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  #9  
Old 25 May 2007, 06:28 PM
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Quote:
A rollicking, muffin-headed giant (6 ft. 2 in., 230 Ibs.) with the slender legs of a showgirl, Ruth was the finest baseball player who ever lived...Nobody ever hit a ball so hard: he once drove a liner through a pitcher's legs with such force that it sailed over the centerfielder's head.
I agree that the rules were different, actually with today's rules Ruth might have a different number of career home runs. The Time Magazine quote says that the ball sailed over the centerfielder's head. So, it could have bounced behind him, (playing shallow was not uncommon then, although terribly dumb against Ruth, the best power hitter of his time) or he could have had an inside-the-park homer, he did hit a couple of those in his career.

Another apocrophyl story is that Ruth hit a ball so high in a pop-up that he scored an inside-the-park homer. The John Goodman film Babe has this happen in one scene [Goodman pointed out at the time of that film that he had to go on a diet to play a fat guy, but the Time description shows otherwise Ruth had a barrel chest and massive shoulders too.]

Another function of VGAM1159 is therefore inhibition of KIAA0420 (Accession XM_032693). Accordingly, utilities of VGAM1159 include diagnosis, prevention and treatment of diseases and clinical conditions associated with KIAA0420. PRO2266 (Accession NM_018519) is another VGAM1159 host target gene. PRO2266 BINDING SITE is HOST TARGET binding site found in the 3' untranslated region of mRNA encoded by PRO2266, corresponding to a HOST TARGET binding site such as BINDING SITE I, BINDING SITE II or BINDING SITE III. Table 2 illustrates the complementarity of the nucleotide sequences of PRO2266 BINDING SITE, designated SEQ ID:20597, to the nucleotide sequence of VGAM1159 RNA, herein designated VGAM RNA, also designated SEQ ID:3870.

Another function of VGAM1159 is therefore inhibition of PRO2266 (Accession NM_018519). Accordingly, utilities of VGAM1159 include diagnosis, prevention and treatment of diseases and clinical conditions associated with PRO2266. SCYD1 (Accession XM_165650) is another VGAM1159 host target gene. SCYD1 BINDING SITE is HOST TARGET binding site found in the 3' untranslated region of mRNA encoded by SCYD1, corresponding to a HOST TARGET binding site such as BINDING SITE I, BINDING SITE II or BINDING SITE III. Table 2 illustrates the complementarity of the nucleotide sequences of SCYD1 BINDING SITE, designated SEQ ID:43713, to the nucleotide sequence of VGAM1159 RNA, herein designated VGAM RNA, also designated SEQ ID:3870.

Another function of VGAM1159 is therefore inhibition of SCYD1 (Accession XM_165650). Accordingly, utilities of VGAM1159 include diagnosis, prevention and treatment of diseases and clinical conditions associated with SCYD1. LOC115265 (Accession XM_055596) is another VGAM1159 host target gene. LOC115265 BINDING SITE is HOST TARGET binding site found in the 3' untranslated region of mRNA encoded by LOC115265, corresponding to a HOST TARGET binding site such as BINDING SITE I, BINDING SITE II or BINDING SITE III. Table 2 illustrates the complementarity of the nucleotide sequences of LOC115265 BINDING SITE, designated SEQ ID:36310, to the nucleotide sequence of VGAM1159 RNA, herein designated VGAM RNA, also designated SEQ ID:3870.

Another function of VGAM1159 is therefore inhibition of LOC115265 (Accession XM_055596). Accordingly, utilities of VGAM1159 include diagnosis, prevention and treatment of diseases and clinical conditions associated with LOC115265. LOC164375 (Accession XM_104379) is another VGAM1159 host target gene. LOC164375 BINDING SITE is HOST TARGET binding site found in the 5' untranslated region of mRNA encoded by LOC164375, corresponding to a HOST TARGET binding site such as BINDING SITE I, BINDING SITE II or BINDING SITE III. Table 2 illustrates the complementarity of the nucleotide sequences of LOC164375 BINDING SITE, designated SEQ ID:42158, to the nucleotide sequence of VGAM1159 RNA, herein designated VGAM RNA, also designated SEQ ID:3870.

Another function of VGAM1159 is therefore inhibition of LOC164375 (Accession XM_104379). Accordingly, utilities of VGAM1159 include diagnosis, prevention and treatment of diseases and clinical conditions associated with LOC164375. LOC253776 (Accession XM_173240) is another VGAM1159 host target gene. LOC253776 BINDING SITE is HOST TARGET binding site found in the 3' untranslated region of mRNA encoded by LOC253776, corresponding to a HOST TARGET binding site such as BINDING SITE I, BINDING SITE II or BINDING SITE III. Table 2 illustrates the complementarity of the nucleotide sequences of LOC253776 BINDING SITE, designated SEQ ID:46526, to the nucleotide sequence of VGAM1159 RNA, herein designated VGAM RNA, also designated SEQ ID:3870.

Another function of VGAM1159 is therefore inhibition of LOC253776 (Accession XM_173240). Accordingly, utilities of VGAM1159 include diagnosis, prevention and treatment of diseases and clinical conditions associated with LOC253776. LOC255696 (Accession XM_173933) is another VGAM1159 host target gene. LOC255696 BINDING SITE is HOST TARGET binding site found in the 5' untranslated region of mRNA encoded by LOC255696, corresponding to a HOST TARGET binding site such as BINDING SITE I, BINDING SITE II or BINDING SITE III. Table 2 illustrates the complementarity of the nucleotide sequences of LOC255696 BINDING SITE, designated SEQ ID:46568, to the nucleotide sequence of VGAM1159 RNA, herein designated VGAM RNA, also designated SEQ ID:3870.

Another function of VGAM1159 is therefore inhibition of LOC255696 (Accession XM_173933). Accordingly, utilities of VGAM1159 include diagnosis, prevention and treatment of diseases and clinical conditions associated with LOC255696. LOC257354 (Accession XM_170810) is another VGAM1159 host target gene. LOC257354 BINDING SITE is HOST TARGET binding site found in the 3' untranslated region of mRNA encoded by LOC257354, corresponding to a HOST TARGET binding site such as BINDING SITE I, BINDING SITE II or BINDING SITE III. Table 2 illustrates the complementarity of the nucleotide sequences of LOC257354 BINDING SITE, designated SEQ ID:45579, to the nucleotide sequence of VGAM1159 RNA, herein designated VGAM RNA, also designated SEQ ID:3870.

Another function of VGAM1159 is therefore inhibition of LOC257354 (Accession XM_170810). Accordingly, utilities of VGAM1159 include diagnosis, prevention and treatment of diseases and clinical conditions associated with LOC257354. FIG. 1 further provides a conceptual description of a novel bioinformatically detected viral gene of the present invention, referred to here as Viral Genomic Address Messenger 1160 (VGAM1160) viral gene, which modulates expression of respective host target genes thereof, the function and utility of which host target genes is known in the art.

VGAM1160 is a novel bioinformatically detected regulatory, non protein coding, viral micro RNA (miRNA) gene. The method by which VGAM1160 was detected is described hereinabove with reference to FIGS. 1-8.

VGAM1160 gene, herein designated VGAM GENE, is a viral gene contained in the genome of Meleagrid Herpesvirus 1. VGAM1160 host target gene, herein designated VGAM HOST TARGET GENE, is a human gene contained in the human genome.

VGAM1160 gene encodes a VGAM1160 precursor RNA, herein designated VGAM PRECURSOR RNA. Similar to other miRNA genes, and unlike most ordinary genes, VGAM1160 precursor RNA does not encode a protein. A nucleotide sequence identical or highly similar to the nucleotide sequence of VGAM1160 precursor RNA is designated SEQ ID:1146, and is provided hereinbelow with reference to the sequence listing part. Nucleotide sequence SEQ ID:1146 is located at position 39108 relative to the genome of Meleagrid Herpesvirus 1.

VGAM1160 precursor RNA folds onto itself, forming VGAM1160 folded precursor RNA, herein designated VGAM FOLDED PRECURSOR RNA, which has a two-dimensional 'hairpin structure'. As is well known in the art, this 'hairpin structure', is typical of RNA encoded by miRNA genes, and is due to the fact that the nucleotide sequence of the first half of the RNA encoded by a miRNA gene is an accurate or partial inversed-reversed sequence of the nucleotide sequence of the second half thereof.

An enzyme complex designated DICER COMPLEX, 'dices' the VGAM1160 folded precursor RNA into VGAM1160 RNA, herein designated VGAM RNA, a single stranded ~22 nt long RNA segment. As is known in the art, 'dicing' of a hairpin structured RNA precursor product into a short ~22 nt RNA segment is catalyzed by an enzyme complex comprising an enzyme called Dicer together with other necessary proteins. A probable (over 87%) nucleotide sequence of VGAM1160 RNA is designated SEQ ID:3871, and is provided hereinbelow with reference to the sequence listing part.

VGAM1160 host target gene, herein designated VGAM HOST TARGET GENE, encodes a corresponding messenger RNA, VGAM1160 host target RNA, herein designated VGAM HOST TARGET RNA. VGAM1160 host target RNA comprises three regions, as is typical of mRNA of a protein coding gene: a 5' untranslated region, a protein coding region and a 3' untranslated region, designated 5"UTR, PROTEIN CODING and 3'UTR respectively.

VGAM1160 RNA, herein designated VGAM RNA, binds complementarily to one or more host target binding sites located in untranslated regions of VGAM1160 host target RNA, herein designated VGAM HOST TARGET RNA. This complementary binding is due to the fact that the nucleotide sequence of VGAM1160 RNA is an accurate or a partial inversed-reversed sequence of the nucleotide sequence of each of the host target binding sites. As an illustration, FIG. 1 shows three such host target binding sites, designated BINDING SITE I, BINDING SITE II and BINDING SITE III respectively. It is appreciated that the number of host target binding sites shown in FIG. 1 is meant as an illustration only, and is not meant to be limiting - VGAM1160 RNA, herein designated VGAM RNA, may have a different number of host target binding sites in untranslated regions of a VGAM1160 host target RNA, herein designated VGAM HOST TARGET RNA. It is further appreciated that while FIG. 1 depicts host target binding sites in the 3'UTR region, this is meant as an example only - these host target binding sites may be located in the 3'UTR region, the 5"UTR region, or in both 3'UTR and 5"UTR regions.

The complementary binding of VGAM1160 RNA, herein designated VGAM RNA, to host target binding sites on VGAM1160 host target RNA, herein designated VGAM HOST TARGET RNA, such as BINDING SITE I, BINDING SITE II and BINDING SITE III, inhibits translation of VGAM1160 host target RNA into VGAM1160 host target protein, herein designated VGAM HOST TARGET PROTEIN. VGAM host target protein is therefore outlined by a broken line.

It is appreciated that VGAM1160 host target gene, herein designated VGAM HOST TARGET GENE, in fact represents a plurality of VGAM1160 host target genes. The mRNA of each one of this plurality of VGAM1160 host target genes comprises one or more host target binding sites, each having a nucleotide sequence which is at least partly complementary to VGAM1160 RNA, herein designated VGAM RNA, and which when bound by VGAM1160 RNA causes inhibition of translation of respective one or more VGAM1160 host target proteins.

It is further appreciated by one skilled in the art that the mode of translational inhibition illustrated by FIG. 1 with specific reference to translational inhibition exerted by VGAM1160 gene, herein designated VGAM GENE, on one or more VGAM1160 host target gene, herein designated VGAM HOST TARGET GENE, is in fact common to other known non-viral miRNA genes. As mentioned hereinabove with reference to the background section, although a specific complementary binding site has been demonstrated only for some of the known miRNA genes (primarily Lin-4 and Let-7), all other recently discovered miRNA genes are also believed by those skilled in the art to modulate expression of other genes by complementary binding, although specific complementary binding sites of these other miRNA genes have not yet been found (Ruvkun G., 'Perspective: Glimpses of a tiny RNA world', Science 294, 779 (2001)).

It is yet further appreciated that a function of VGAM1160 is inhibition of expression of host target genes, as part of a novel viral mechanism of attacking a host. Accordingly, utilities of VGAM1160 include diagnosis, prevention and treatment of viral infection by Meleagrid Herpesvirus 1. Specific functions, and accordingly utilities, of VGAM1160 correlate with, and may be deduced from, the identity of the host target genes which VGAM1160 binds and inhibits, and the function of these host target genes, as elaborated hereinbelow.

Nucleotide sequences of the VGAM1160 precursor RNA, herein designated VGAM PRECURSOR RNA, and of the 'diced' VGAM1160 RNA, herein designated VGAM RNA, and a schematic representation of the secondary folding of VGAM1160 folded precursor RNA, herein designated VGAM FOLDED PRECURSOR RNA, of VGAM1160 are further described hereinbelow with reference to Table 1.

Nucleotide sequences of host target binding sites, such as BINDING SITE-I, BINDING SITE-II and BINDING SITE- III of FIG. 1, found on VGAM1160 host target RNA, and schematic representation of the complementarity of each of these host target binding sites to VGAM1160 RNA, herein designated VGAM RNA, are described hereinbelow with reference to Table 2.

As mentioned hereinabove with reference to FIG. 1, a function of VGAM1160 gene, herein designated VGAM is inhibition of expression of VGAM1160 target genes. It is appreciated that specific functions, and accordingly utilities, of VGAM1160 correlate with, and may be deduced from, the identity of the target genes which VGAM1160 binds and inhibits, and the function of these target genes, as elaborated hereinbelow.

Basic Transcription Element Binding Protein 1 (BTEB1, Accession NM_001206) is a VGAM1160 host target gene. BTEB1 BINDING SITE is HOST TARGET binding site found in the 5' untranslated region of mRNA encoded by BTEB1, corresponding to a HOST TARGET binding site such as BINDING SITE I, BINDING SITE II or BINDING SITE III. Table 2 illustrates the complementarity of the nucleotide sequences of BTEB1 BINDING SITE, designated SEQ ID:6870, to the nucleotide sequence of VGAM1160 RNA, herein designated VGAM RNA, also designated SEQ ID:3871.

Ali "no 'roids on me" Infree
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Old 25 May 2007, 06:44 PM
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I can imagine what was going through the pitcher's mind at the time:

"Great. Years from now, everyone's going to remember another home run for the Bambino, but will anyone even think about the guy who could pitch a fastball from a handstand?"
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Old 25 May 2007, 08:28 PM
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I knew I had read this somewhere:

Quote:
Of Babe Ruth's 714 career home runs, 10 were of the inside-the-park variety.
cite

Perhaps he hit a ball between the pitcher's legs and got an inside the park homerun. The bit about going over the center fielder's head would probably just be elaboration a la your average fish tale.
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  #12  
Old 25 May 2007, 08:34 PM
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Quote:
Originally Posted by Spikey View Post
I'm no expert on baseball, but from the height that the ball is pitched at, if it went between the legs of the pitcher surely it must be on a downwards path.
Pitcher's mounds weren't always at the same height they are now. It took a while before mound heights were uniformly standardized by the rules.

- snopes
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Old 25 May 2007, 08:38 PM
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Quote: